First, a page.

Abu al-Hasan was the son of Aqa Reza of Herat in western Afghanistan, a city with an artistic tradition. Aqa Reza had taken up employment with Jahangir before the latter's accession to the throne of the Mughal empire.
Abu al-Hasan was initially trained by the emperor himself in his large studios and workshops but soon surpassed his father and his employer. Jahangir said of him that he had no equal and bestowed the title Nadir-uz-Saman ("Wonder of the Age") on him.
Abu al-Hasan's main task was the documentation of events at the imperial court, which resulted in many superb portraits. Not many of Abu al-Hasan's paintings survived, but those that identify him as the artist show that he also worked on a range of subjects including some everyday scenes.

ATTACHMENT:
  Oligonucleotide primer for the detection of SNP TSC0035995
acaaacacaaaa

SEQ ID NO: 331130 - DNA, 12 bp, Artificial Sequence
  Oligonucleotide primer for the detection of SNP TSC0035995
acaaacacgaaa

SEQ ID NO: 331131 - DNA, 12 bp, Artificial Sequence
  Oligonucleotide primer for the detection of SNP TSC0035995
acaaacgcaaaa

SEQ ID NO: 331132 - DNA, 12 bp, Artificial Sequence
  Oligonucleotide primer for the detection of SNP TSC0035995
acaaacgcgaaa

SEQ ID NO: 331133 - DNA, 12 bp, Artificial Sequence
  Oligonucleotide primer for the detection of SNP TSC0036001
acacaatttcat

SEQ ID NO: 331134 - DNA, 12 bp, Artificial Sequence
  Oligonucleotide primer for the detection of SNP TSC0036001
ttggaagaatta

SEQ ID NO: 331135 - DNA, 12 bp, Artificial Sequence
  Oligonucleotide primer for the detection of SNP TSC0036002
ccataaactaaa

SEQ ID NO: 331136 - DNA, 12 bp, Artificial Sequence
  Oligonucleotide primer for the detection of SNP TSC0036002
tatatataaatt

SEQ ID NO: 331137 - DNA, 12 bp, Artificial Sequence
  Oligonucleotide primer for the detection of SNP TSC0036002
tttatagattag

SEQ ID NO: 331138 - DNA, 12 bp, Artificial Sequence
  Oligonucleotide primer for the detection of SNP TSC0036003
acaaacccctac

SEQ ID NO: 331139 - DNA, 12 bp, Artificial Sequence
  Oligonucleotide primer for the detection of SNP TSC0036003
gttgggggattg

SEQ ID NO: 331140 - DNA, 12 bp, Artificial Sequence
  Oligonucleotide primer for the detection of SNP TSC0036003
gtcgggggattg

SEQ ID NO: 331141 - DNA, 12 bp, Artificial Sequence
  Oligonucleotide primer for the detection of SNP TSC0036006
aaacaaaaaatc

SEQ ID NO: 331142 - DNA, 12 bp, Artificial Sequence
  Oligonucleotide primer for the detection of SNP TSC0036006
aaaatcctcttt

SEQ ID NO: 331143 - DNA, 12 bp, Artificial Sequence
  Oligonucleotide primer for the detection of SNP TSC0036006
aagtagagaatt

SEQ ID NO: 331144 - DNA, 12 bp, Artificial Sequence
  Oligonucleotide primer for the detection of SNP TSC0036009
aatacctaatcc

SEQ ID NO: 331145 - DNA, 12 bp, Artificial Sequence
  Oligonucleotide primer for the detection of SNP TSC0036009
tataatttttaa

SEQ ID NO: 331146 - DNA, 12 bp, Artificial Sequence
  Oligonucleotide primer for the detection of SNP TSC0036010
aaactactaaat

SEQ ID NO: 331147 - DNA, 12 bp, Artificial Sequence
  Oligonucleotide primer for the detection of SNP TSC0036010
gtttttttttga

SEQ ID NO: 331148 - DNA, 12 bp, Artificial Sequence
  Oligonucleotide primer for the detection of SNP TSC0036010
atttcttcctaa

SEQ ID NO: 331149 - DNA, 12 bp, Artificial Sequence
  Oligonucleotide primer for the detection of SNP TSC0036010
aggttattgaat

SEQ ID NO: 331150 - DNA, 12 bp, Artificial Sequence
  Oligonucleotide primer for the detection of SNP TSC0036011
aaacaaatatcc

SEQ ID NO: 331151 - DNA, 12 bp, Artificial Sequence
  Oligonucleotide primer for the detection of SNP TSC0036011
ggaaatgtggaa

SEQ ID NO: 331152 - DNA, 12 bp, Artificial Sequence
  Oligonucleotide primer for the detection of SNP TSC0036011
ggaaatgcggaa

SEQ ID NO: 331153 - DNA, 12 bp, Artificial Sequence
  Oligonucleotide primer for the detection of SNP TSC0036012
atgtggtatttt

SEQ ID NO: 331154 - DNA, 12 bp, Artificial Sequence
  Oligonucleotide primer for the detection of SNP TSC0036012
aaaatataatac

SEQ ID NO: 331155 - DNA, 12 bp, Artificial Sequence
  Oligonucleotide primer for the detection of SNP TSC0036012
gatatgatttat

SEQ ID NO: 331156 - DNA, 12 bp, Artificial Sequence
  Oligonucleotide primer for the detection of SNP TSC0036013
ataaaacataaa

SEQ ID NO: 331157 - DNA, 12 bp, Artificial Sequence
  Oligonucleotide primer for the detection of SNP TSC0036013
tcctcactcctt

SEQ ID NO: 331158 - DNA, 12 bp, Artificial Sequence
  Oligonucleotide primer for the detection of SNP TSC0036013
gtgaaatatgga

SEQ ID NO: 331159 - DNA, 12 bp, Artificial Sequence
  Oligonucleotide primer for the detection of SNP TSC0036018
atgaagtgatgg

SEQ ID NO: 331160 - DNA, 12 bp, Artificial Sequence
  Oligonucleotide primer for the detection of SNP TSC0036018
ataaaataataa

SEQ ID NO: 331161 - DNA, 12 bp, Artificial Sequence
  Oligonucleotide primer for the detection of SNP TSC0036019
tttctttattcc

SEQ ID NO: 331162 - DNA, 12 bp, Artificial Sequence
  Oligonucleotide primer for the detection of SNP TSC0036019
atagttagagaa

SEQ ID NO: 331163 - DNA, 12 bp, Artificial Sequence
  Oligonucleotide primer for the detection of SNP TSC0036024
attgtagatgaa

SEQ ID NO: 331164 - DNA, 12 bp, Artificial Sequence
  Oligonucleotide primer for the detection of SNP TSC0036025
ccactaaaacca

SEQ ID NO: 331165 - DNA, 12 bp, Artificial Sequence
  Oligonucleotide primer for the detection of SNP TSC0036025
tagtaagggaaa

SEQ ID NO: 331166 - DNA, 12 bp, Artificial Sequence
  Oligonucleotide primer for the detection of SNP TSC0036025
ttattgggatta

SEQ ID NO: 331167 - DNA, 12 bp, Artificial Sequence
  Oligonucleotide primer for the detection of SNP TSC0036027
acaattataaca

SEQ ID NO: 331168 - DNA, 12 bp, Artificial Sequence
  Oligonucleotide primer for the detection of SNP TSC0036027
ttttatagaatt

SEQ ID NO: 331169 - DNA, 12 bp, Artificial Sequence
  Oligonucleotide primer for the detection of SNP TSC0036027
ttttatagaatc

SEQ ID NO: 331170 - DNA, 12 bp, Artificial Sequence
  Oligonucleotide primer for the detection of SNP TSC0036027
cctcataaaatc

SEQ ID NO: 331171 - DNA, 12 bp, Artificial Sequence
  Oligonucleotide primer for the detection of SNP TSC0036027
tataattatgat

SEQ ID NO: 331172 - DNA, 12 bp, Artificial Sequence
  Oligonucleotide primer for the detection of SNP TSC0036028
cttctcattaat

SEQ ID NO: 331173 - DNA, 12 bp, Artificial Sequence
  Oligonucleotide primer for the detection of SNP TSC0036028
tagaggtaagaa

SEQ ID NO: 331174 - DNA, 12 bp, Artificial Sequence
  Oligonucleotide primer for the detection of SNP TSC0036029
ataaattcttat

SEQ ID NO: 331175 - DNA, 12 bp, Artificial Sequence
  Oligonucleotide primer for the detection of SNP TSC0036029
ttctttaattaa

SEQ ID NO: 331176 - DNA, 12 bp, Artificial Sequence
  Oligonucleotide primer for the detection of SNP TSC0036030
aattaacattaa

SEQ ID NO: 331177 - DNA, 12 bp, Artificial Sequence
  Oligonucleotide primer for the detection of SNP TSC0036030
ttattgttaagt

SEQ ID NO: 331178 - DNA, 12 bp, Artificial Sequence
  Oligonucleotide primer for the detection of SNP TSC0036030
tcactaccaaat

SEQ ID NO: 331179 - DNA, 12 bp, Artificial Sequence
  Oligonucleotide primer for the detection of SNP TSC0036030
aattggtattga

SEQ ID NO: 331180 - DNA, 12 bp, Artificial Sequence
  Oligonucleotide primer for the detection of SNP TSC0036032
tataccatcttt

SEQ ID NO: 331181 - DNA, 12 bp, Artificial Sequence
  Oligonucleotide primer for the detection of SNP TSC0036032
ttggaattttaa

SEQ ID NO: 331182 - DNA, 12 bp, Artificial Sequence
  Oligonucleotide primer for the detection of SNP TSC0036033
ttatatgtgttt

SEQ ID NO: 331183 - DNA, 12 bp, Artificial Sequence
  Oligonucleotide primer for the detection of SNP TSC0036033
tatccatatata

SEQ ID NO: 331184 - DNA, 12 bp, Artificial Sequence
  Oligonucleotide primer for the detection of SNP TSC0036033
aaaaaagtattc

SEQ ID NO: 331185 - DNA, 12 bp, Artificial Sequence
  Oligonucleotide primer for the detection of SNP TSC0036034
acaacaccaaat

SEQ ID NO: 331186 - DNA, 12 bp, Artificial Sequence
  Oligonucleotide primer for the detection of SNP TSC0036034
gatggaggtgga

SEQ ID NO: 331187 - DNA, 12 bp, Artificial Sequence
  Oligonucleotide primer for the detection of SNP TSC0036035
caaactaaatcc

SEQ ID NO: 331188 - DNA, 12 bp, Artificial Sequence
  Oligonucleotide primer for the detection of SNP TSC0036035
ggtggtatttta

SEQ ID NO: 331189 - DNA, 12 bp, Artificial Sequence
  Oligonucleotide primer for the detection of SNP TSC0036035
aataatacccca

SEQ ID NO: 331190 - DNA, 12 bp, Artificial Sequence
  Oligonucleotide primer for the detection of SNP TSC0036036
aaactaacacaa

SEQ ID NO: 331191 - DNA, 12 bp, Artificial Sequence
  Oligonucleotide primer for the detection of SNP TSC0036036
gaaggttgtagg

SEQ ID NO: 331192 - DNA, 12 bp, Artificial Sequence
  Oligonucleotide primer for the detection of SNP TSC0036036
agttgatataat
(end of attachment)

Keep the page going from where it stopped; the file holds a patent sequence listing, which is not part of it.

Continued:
The most famous painting associated with his name, Squirrels in a Plane Tree, is a masterful depiction of animal posture and movement that could only have been derived from direct observation. Since the painting depicts European squirrels unknown in India his work suggests that Jahangir's zoo may have held a few of these animals. Alternatively Abu al-Hasan may have accompanied Jahangir on one of his travels. The signature on the painting is confusing; Nadir al-Asr ("Miracle of the Age") is the title of Ustad Mansur, not of Abu al-Hasan, but the painting is definitely not Ustad Mansur's style. It is possible that both painters collaborated on this painting.
Portrait of Jahangir (detail) by Abu al-Hasan, 1617
Saʿdī presents a book of his poems, 1615, Walters Art Museum
Portrait of Jahangir, 1615-20, Metropolitan Museum of Art
Celebrations at the accession of Jahangir. Jahangirnama. St. Petersburg Album, c. 1615-18, Institute of Oriental Manuscripts of the Russian Academy of Sciences
- The Emperors' album: images of Mughal India, an exhibition catalog from The Metropolitan Museum of Art (fully available online as PDF), which contains material on Abu al-Hasan
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